Preparing for Citizenship

What You Will Need

Citizenship is a highly valued status throughout the world for a number of reasons. The backing of the U.S. government behind a person when traveling abroad is only a small glimpse at the primary benefits.

Citizens are also allowed to vote in all elections, thereby able to participate in one of the oldest continuously operating democracies in the world.

Citizens so not need to re-apply for citizenship after a certain amount of time either and it is much easier to get their relatives to immigrate to the U.S. as well.

Permanent Residency

People looking to become citizens must first obtain permanent residency in the U.S.

Permanent residency is often proven by a document called a Green Card. There are a number of ways to get a Green Card, but by far the easiest is the Green Card Lottery.

The Green Card Lottery has the least number of requirements for registration of all of the immigration visa pathways. All that is required is a basic education and for the applicant to be from a certain country.

Permanent Residency allows immigrants to live and work within the United States indefinitely, but they still do not have some of the rights or privileges reserved for citizens of the U.S.

Language Skills

Potential citizens must be able to show that they can meet minimal language standards. This ensures that new citizens will be more likely to succeed in the U.S.

Most immigrants learn to be proficient in English during daily life while living as a Green Card holder.

Immigration officers at the USCIS will examine an applicant’s competence in English during their citizenship interview.

They will examine an applicant’s ability to listen to, read, write and speak English during the course of the interview.

General U.S. Knowledge

Citizens are expected to be familiar with the history, culture and government of the United States and they will be asked some questions during the interview to this effect.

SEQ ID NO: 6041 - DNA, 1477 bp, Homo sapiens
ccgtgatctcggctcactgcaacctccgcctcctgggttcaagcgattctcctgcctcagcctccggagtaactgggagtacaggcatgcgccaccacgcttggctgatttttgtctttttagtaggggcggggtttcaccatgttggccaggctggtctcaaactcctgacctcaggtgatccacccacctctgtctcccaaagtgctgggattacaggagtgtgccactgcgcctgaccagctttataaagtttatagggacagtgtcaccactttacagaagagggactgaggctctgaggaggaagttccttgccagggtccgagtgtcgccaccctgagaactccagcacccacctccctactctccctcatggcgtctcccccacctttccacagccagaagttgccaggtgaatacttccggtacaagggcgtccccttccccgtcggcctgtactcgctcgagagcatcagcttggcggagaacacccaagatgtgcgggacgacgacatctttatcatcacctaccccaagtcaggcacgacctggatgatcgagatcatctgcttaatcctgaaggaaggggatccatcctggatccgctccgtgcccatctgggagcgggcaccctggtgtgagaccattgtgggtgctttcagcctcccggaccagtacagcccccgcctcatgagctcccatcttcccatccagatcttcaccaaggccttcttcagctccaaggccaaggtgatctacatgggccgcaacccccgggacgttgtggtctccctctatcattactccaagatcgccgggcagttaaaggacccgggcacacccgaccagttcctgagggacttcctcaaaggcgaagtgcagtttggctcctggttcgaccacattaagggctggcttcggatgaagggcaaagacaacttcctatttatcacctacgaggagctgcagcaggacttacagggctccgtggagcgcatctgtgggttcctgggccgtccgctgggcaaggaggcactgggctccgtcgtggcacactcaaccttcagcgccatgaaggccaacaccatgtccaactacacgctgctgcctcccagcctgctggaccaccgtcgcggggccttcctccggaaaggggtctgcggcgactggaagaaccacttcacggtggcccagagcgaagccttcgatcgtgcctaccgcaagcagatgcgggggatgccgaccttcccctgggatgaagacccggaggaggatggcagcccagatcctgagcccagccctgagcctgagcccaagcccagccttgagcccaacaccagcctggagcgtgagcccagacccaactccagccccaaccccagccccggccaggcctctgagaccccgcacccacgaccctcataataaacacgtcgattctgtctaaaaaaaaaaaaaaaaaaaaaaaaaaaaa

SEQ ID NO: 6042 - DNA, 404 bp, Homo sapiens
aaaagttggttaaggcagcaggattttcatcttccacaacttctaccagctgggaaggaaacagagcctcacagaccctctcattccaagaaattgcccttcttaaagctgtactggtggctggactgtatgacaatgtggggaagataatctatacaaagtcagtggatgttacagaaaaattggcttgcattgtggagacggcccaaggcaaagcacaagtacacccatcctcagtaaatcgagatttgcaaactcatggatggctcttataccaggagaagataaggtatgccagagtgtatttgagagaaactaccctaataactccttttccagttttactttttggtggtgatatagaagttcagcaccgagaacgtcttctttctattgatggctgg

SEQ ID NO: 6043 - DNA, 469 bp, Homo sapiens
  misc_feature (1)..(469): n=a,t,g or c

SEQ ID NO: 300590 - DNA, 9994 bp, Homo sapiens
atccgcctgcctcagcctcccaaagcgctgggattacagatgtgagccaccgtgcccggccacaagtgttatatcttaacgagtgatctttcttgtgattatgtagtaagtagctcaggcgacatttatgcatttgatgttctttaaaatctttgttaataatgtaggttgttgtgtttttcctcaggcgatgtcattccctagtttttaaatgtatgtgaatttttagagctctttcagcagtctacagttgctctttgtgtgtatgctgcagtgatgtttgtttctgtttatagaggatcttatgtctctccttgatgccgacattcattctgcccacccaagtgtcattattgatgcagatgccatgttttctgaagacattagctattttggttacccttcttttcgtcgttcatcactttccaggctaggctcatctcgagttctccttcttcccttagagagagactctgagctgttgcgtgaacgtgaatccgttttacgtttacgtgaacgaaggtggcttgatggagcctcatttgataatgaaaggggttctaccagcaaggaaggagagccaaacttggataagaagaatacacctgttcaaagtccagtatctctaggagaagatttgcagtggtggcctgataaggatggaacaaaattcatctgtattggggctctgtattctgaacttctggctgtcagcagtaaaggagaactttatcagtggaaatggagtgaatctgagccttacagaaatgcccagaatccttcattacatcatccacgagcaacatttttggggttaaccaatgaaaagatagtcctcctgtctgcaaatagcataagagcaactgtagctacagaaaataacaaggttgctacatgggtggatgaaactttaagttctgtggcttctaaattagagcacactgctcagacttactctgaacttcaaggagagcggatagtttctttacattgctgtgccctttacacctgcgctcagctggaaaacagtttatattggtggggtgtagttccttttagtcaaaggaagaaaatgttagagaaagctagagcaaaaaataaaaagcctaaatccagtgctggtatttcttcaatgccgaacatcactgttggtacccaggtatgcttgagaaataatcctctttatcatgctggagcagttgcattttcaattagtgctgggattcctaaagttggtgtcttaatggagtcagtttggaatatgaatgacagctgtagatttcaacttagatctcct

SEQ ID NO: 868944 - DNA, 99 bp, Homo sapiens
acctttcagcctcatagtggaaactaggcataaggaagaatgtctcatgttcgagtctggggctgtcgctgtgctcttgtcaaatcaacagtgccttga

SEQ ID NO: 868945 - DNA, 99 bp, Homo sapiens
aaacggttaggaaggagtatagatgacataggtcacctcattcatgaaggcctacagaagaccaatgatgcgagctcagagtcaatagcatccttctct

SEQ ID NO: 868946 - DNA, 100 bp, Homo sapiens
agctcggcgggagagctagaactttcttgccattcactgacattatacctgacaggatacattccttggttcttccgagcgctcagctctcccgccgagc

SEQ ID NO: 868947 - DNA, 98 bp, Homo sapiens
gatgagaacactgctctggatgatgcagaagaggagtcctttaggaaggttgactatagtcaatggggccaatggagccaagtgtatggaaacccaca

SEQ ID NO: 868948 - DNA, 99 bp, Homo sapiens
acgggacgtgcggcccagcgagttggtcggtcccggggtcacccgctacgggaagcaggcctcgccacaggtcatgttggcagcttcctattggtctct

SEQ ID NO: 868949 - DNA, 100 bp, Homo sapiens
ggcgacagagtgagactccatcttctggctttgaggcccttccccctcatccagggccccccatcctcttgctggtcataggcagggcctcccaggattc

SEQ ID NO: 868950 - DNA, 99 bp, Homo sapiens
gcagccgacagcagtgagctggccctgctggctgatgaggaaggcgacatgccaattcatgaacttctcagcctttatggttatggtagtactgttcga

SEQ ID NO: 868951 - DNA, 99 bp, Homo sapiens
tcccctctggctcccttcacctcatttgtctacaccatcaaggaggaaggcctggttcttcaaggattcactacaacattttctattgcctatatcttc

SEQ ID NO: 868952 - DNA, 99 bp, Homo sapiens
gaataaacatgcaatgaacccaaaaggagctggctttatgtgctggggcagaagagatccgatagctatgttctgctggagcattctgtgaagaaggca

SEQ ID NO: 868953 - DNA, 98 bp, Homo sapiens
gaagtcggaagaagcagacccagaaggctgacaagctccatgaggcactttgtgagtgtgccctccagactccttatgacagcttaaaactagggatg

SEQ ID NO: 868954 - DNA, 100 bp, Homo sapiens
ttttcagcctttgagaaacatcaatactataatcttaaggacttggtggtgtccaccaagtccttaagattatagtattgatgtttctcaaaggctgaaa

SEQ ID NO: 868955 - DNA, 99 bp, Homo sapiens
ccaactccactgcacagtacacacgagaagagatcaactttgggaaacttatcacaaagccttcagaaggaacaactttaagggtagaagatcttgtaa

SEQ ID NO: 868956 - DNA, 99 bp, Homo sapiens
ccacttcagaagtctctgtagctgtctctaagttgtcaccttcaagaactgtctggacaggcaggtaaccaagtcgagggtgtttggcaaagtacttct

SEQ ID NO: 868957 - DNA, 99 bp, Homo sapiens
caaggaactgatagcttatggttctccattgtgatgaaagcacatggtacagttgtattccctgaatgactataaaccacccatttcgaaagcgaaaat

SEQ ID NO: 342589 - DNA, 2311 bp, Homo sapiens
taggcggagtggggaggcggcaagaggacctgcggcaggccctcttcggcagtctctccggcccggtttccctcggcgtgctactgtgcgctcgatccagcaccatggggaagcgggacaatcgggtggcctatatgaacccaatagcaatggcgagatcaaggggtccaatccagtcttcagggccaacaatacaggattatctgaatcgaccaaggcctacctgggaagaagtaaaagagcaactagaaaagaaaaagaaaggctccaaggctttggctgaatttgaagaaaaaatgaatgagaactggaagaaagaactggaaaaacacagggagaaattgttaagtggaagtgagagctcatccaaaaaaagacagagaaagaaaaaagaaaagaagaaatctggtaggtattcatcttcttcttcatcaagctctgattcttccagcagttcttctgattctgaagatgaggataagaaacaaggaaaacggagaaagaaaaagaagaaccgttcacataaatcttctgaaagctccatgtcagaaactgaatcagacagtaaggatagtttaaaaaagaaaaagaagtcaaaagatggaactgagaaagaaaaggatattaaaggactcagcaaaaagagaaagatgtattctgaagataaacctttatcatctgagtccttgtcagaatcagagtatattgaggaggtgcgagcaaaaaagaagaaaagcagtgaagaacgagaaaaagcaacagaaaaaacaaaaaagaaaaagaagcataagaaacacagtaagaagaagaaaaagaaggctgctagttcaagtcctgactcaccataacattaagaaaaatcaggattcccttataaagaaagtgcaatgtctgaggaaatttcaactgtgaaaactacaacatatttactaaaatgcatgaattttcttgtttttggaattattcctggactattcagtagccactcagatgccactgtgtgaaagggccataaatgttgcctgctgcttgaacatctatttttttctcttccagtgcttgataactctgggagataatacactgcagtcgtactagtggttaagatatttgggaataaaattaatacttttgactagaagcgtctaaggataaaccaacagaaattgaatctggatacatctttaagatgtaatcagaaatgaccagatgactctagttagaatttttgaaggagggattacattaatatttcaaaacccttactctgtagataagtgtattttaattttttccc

The USCIS maintains a study guide on its official website with various questions that may end up on the test.

Reading through this guide several times may be a good idea before the actual interview. Preparedness will help in making the application process easier.

Some of the questions that one may encounter on the test include:

  • Who is the president of the United States?
  • Who are the founding fathers?
  • What is the First Amendment?

The answers to these questions are:

  • Barack Obama
  • The founding fathers were the people who created the constitution and the United States in the late 18th century
  • The First Amendment enumerates some basic rights of people in the United States: the freedom of religion, the right to gather peacefully, the freedom of the press, the freedom of speech and the right to petition the government.

Processing Times

The processing times for citizenship to the United States can become very lengthy, especially if the wait times for Permanent Residency are worked into this calculation as well.

For many people, citizenship is a process that will take at least 10 years to complete.

Permanent Residents who already meet all requirements for citizenship may only have to wait for two or three years.